I never had any doubts about the physical abilities of St. Louis Cardinals starting pitcher Carlos Martinez.
It was the 23-year-old hurler’s poise and maturity that made me worried that he wasn’t quite ready for the pressure of pitching every five days in a big league starting rotation.
But I have to admit that, through the first month of the 2015 season, I’m impressed with how far he’s come.
He made a few appearances in the majors over the past two seasons and, in that time, Martinez has been brilliant in short bursts. But it always seemed that he would fold at the first sign of trouble. He’d pitch two good innings and then he’d give up a lead-off hit or walk and come unraveled. The next thing we knew, there was a crooked number on the scoreboard.
When Martinez got into trouble he’d start to nibble instead of aggressively attacking hitters. Then the pitch count would climb and a promising beginning would devolve into a 3 1/3-inning, four-run outing.
This season, Martinez not only has a perfect 3-0 record and a sparkling 1.73 ERA. He has allowed only17 hits in 26 innings and has struck out 24 while walking 10. And he’s pitched six or more innings in each of his starts.
Martinez entered the 2015 season with 1.41 walks and hits per inning pitched. This season he has allowed 1.04.
While the Philadelphia Philles aren’t currently a very good team, they were an interesting test for Martinez Wednesday night because the young hurler had trouble in his first two seasons with lefty hitters. Philadelphia had five of them in the starting lineup.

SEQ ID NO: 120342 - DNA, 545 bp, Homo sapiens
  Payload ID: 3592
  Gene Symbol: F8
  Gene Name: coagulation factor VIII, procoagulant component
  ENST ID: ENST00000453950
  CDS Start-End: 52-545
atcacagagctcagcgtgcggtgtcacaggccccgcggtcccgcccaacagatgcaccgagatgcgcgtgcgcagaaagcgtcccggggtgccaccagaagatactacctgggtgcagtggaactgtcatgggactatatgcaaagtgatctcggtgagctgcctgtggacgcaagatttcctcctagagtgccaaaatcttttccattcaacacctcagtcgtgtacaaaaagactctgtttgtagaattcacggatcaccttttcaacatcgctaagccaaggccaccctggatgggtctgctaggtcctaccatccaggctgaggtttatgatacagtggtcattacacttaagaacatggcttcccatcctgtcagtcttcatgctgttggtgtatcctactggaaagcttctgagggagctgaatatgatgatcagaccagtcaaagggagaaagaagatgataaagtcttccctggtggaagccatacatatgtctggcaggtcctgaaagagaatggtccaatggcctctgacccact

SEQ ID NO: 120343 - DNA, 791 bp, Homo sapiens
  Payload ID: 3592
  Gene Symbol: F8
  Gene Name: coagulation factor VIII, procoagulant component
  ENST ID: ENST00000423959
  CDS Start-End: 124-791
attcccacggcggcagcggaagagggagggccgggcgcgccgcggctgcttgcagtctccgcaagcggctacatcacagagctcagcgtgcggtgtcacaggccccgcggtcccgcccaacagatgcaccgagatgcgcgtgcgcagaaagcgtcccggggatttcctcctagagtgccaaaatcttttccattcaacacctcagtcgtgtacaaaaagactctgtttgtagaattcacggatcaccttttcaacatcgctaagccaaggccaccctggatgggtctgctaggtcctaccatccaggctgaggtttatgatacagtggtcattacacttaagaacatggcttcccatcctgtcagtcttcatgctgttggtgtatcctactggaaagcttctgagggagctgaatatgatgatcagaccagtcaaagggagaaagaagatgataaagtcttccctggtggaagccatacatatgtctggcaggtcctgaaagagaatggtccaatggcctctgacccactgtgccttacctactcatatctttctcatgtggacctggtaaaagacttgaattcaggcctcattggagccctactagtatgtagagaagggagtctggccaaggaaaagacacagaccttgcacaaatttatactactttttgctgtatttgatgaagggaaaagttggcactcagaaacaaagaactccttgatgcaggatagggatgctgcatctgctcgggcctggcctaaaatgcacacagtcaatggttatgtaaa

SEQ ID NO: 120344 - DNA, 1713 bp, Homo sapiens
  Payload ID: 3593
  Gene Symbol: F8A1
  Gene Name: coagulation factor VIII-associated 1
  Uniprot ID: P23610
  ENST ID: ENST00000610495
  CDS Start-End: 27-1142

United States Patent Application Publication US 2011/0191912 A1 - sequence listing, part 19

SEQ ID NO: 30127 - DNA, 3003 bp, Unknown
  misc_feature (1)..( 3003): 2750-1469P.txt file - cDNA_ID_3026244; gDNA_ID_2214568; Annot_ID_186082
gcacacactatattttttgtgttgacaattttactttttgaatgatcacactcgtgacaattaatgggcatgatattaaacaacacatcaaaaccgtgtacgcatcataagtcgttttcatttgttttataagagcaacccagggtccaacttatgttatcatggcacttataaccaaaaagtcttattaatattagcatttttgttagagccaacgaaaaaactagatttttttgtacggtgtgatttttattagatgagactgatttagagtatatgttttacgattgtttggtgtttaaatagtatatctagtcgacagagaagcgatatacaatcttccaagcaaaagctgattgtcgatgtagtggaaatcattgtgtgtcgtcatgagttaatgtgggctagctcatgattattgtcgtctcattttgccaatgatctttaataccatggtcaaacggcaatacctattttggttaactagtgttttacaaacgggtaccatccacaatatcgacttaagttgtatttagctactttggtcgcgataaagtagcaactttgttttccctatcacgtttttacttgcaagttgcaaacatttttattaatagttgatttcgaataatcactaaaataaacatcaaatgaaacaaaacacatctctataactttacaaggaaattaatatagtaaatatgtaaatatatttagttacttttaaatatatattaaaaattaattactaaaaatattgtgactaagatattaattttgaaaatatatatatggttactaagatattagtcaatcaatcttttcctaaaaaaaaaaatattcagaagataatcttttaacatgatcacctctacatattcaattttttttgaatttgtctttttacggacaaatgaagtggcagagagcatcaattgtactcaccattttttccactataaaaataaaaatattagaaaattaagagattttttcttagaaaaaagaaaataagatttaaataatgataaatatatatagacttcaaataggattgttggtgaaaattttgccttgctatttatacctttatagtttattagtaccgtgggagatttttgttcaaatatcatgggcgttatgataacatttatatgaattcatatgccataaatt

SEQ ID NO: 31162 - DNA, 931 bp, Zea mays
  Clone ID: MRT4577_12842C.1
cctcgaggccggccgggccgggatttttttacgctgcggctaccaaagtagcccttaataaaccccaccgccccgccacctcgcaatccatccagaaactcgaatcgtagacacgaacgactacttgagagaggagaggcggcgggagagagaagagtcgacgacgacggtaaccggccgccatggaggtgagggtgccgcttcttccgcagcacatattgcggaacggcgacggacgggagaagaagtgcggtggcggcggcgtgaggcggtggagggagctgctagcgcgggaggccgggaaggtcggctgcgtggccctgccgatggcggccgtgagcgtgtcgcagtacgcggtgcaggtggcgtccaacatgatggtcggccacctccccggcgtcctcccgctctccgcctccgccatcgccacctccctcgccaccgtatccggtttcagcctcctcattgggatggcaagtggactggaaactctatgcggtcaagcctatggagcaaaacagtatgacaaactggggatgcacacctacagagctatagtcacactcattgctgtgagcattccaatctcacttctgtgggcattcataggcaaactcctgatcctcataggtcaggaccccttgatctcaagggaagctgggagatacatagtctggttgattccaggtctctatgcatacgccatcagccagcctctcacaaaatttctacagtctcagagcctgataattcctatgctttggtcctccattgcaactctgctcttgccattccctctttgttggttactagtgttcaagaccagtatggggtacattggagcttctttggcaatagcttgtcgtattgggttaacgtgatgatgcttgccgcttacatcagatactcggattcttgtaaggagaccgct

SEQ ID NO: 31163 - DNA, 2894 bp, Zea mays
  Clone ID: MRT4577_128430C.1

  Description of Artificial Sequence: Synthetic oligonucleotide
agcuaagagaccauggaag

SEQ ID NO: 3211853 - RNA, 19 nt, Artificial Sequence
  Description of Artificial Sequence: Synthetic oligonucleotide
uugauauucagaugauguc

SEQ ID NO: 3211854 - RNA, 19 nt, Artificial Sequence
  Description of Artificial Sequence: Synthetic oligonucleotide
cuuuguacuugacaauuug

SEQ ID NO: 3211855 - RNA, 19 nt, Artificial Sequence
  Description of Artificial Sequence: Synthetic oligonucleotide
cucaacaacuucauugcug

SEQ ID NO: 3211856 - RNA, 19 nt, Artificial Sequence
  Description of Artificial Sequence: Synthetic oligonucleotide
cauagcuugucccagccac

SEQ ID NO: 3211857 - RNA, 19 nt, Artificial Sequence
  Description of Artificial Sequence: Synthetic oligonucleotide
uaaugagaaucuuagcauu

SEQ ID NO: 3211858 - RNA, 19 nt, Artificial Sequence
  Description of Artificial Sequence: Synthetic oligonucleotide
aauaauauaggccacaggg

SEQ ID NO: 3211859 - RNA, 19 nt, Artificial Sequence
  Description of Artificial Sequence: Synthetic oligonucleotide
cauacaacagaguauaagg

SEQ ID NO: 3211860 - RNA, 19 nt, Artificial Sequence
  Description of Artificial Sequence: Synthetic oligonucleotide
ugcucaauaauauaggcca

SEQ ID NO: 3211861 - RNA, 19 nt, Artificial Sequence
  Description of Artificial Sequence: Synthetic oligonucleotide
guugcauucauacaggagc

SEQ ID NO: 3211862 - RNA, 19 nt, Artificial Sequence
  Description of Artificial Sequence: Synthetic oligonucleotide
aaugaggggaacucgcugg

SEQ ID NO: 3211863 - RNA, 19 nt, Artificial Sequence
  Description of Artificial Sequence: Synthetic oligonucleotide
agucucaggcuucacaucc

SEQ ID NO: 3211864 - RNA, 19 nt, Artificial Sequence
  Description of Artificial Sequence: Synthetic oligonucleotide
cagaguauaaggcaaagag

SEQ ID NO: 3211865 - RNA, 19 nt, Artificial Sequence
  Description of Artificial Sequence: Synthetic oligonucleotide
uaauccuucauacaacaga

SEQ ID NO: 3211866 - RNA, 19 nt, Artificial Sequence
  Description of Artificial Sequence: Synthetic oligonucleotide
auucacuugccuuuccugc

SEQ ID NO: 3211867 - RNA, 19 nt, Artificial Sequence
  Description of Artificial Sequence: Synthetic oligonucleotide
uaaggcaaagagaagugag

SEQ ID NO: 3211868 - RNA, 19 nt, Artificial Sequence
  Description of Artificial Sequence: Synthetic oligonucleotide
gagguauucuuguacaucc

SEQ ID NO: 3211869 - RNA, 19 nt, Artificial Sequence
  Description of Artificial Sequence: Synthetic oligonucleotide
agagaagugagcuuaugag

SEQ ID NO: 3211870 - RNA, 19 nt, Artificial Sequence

Martinez allowed lefties to hit .297 against him last year with a .387 on base percentage and a .462 slugging percentage. On Wednesday he kept the Phillies contained with the exception of a solo home run to Ryan Howard. And St. Louis right fielder Jason Heyward said after the game that, had he not poorly timed his jump, he would have caught that ball at the wall.
More importantly, Martinez quickly steadied after surrendering the homer. He allowed the Cardinals to stay close with two runs allowed in six frames. In the bottom of the fifth, the offense responded with four runs and St. Louis eventually won the game 5-2.
Lefties are hitting only .220 against Martinez overall.
I was very concerned about Martinez’s ability to stay focused after the death of his close friend, Oscar Taveras. He was an emotional wreck after the car crash that claimed Taveras’ life just after St. Louis was eliminated from the post season last year. That sort of loss is especially tough for a young person to carry around. But Martinez seems to have taken a lesson from the tragedy, becoming a more serious person and realizing how fleeting opportunity and talent can be.
I still think the Cardinals are going to have issues later in the season in the best of circumstances because I don’t think they’re going to let young hurlers Martinez and Michael Wacha throw anything close to 200 innings.
But if Martinez can’t keep up the better than expected work, it sure appears that the Cardianls were wise to refuse to give him up in trade, instead sending Shelby Miller to Atlanta in the Heyward deal.